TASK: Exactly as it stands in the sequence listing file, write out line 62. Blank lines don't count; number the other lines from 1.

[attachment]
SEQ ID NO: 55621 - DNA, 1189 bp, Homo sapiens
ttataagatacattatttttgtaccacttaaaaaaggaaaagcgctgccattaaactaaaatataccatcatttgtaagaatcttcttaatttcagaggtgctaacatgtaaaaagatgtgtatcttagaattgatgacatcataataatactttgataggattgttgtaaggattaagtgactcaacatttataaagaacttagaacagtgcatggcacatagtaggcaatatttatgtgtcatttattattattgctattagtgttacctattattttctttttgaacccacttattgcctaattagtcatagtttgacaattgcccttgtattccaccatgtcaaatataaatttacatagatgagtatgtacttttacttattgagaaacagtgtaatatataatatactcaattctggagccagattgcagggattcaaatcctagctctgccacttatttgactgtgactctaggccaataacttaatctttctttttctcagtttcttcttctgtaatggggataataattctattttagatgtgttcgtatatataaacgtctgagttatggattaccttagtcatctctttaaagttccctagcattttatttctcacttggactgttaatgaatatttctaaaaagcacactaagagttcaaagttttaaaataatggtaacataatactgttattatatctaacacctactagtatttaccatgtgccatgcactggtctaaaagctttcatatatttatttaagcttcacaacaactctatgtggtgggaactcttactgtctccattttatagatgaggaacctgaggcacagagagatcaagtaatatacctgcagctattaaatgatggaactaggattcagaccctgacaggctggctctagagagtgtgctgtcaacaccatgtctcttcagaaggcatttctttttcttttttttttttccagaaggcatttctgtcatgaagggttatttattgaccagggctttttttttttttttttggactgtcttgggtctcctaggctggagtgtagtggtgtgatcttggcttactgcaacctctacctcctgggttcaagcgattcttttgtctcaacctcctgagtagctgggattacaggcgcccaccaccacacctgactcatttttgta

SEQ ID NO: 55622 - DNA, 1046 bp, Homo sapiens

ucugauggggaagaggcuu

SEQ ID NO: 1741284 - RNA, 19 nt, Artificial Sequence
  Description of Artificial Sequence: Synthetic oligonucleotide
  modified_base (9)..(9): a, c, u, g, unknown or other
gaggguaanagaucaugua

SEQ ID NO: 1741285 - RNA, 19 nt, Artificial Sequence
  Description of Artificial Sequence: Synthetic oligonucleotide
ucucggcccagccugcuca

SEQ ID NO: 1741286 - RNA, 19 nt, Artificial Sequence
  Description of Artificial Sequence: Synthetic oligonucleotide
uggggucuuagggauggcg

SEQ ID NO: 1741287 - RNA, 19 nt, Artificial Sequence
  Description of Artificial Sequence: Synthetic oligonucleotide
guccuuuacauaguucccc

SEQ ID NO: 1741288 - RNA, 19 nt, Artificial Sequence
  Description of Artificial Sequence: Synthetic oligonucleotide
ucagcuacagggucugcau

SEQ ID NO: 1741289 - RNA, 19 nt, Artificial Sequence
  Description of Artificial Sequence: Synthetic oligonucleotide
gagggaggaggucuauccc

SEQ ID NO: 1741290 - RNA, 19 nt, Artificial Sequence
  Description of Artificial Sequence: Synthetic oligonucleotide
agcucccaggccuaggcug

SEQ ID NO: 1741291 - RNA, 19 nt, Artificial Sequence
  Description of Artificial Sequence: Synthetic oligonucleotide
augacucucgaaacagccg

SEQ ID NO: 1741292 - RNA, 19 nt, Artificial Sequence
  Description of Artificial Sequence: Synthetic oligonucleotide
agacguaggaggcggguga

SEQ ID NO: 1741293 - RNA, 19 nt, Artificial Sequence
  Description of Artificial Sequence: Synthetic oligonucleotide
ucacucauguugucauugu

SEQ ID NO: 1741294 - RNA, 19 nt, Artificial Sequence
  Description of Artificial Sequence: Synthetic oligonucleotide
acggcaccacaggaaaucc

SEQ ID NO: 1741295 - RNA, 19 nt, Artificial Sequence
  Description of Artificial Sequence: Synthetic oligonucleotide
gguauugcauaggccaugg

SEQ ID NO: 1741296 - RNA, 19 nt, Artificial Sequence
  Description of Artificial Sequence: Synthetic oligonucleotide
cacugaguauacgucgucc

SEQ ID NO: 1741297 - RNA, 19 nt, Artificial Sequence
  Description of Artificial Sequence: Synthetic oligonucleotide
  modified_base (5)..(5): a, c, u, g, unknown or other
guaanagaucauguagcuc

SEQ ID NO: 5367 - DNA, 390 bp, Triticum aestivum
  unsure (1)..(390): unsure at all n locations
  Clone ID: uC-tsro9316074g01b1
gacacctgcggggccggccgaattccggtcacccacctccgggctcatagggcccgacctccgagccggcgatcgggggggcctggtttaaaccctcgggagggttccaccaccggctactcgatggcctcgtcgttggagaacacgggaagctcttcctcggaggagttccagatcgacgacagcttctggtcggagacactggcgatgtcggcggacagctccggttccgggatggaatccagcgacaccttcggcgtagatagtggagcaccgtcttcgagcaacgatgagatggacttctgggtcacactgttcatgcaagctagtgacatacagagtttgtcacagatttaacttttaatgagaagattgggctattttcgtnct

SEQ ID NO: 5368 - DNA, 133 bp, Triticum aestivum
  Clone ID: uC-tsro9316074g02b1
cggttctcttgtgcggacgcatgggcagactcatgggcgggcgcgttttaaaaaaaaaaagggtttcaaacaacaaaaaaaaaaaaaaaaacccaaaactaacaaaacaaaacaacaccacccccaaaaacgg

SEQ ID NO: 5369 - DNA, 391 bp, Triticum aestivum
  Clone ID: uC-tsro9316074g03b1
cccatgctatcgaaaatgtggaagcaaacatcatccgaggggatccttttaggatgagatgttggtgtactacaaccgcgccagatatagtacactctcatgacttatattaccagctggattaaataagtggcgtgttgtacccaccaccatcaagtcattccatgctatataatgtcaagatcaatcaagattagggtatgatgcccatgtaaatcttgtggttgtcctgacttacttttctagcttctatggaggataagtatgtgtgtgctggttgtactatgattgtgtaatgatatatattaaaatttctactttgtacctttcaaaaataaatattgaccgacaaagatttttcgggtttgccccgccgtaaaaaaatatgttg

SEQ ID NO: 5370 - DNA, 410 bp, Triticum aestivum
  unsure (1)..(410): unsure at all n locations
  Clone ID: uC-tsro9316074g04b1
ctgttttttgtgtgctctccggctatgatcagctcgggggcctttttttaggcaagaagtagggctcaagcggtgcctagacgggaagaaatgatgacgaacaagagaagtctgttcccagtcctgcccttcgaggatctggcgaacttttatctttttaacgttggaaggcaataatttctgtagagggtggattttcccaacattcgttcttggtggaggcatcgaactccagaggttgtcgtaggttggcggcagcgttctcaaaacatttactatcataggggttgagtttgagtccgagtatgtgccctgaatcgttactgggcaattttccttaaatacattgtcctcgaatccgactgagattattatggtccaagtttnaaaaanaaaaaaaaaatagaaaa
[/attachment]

ctgttttttgtgtgctctccggctatgatcagctcgggggcctttttttaggcaagaagtagggctcaagcggtgcctagacgggaagaaatgatgacgaacaagagaagtctgttcccagtcctgcccttcgaggatctggcgaacttttatctttttaacgttggaaggcaataatttctgtagagggtggattttcccaacattcgttcttggtggaggcatcgaactccagaggttgtcgtaggttggcggcagcgttctcaaaacatttactatcataggggttgagtttgagtccgagtatgtgccctgaatcgttactgggcaattttccttaaatacattgtcctcgaatccgactgagattattatggtccaagtttnaaaaanaaaaaaaaaatagaaaa